Fix Your Game

...While You Play



This Article Features Photo Zoom
When you’re on the course and your game starts to fall apart, what should you do? Well, the most important thing is not to panic and think about all the things that you might be doing wrong. Instead, focus on what you should be doing to hit some great shots and regain your confidence.

The quickest way to improve is to go back to the game’s fundamentals so you can more easily repeat your swing. When things go bad, the problem can usually be found in the setup. This leads to one of the game’s four main forces (balance, pivot, path or clubface) getting out of whack.

The key with on-course fixes is to keep them simple. If you start thinking about too many things, you won’t be able to clarify in your mind a simple motion that can get you back on track. Also if you hit one bad shot, don’t suddenly try to fix everything. Remember, even Tour pros miss several shots each round. Start to put my quick fixes into play only if you’ve missed three or four shots in a row.

1 Fault: You Don’t Hit It Far
Most players try to turn as fast as they can at the start of the downswing. As a result, their upper bodies outrun their lower bodies. This destroys lag—one of the golf swing’s major power sources. Also this produces an outside-in downswing path with an open clubface. And, boy, that’s a double-whammy power loss!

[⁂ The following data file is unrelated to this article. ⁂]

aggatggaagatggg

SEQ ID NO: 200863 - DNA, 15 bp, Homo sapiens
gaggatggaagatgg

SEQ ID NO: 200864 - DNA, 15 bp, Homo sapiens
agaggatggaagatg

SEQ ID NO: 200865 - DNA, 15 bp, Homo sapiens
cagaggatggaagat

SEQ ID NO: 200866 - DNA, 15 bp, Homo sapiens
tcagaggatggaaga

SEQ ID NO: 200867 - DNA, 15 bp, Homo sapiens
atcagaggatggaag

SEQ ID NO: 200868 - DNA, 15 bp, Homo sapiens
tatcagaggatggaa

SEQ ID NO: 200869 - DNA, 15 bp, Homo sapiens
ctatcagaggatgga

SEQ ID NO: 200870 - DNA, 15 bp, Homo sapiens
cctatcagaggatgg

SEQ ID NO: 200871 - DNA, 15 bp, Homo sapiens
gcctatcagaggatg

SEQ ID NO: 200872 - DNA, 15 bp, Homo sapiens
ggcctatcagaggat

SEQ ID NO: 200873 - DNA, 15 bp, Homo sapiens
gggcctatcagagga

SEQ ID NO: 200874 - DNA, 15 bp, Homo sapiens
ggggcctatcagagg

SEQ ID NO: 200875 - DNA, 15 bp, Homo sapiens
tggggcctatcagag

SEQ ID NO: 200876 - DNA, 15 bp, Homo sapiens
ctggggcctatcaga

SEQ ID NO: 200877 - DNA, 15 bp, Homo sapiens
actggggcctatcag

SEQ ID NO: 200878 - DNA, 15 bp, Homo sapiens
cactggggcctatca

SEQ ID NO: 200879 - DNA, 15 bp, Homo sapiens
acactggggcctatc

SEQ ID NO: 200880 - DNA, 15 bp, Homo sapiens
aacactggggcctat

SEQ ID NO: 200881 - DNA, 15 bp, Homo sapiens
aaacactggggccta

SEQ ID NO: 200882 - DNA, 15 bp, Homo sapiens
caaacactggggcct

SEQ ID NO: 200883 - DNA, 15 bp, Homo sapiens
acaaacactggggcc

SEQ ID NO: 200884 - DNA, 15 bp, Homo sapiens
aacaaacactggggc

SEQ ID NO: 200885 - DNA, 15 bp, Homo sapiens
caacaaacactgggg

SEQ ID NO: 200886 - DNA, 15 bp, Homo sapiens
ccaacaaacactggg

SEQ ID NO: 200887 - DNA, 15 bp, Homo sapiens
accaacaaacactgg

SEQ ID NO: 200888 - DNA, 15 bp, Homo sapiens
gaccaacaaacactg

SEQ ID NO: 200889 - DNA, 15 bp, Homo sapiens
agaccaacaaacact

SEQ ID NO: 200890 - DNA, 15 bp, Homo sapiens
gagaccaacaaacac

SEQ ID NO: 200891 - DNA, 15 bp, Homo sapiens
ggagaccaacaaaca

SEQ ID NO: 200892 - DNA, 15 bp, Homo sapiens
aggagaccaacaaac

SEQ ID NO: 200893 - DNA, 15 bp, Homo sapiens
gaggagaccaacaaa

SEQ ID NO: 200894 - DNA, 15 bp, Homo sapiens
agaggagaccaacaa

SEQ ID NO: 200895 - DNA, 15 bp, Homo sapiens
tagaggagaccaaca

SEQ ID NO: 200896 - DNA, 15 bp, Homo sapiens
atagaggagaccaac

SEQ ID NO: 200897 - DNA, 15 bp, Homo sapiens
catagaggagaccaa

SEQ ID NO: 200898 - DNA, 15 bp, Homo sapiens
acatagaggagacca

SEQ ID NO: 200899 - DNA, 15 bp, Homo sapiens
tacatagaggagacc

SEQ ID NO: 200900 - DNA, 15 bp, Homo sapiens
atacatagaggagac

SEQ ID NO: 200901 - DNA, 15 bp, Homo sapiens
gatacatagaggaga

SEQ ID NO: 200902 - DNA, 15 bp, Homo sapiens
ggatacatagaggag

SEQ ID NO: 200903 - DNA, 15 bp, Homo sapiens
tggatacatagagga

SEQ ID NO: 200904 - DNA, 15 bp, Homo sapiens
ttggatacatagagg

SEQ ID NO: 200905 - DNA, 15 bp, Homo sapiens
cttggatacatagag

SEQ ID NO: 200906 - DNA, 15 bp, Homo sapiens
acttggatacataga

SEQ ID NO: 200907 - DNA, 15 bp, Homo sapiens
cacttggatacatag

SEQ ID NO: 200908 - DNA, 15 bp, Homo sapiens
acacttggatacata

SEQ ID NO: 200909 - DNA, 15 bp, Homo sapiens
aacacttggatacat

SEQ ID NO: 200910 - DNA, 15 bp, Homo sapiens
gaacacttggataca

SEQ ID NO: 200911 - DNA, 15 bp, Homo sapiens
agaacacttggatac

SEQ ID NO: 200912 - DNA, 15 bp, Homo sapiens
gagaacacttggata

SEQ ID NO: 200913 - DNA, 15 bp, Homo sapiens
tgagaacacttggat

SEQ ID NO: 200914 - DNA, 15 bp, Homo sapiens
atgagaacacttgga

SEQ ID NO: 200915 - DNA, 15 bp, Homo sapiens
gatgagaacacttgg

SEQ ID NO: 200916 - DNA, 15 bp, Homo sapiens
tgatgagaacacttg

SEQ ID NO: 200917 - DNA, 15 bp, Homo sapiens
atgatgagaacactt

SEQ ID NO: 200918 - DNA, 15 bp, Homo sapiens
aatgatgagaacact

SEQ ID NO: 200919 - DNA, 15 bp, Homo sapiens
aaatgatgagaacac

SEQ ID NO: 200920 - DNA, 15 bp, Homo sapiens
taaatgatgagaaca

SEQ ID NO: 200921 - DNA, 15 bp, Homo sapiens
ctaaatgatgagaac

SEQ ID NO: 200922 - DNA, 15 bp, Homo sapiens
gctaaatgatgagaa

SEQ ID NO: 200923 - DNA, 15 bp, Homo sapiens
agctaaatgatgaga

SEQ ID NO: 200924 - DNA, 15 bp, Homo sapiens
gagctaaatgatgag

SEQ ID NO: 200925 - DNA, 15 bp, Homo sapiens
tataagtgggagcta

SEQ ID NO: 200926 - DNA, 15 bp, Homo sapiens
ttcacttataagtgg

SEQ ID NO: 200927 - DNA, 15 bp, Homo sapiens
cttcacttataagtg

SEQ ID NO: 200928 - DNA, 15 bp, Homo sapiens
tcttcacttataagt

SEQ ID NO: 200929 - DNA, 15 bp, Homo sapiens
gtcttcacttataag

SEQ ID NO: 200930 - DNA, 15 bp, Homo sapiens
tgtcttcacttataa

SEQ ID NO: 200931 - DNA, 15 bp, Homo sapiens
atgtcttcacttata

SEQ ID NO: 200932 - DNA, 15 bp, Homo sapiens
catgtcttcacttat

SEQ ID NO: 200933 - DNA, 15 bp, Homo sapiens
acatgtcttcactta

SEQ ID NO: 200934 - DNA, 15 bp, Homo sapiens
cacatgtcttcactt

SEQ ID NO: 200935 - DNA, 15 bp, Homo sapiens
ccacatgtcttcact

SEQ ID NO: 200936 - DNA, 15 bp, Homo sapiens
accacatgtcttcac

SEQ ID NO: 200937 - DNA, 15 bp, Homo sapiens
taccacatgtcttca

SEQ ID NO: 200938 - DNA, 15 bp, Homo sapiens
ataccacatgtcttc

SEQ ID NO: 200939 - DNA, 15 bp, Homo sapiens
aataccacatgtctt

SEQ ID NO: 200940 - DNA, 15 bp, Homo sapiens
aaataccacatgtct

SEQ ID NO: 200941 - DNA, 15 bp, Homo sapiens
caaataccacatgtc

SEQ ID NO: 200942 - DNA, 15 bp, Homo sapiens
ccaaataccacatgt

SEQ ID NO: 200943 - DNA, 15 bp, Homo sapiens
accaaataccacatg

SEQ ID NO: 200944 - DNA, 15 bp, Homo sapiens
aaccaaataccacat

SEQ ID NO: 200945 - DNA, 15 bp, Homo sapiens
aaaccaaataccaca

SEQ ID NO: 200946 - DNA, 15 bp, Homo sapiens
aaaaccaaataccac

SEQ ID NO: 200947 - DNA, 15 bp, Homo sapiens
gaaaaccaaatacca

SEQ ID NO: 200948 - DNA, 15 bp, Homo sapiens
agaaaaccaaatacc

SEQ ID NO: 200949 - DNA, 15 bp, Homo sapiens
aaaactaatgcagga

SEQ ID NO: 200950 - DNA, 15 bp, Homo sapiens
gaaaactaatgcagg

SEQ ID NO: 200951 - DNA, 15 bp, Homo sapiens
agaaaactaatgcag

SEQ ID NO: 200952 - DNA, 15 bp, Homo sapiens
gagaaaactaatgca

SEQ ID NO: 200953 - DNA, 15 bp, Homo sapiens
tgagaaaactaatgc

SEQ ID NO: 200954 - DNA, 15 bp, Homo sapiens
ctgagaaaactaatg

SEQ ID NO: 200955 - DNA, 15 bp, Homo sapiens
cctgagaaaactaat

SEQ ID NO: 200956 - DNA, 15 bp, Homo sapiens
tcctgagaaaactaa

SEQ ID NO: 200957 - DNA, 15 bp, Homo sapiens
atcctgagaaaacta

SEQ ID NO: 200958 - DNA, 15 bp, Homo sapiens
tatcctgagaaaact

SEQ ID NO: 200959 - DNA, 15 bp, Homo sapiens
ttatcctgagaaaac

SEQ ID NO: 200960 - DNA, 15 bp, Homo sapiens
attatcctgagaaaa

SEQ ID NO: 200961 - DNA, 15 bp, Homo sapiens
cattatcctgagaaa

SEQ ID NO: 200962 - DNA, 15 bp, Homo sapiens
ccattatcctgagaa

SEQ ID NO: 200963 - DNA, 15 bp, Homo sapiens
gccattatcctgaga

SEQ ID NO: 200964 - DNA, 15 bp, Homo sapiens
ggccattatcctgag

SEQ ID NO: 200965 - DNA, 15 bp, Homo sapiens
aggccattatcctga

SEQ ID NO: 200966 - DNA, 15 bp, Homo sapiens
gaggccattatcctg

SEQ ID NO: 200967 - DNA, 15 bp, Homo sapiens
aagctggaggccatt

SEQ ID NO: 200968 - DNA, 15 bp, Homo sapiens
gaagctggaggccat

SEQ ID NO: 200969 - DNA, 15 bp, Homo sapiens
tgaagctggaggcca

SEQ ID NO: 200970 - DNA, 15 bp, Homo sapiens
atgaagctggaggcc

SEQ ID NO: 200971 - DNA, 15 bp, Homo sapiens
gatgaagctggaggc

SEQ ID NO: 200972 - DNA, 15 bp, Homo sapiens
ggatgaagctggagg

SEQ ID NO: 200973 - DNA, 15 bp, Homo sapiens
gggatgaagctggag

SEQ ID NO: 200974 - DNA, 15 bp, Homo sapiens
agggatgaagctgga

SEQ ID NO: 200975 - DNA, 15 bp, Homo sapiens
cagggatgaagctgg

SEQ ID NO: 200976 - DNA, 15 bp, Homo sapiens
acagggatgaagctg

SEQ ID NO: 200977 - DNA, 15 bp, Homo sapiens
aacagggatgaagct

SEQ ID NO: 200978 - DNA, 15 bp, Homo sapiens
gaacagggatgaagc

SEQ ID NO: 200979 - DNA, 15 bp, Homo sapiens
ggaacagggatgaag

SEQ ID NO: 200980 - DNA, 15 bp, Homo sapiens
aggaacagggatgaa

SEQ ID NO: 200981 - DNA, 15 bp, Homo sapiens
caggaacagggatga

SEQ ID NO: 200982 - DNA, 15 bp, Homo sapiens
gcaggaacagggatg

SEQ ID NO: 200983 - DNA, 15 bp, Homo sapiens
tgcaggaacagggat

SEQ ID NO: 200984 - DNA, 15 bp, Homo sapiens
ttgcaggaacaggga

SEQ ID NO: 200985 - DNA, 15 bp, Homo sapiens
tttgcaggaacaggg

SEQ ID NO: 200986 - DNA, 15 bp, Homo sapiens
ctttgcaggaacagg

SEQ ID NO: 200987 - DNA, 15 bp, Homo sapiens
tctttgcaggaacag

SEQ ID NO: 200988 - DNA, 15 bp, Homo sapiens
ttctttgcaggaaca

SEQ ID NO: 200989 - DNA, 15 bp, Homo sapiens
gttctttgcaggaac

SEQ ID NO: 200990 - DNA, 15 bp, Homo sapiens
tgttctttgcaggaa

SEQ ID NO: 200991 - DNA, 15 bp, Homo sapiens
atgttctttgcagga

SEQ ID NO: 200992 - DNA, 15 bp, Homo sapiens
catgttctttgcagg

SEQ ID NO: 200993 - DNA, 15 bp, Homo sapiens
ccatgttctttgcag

Fix: Keep Your Buttons Back
To generate distance, you need to create lag in your downswing. The key here is to get your lower body firing, first by bracing your left leg, then by rotating your hips, all while keeping the buttons on the top of your shirt lagging behind your lower body. In fact, that’s exactly the image you should have on course: Keep the buttons on your golf shirt lagging behind your belt buckle until after impact.

Producing this lag allows you to establish a power base that starts in your lower body and works up the body and out the clubshaft. With your shirt buttons lagging behind your lower body, you’ve improved the chances of pivoting and given your hands a chance to slot the club on the correct downswing path. Now you have lag and power from both your lower body and hands.


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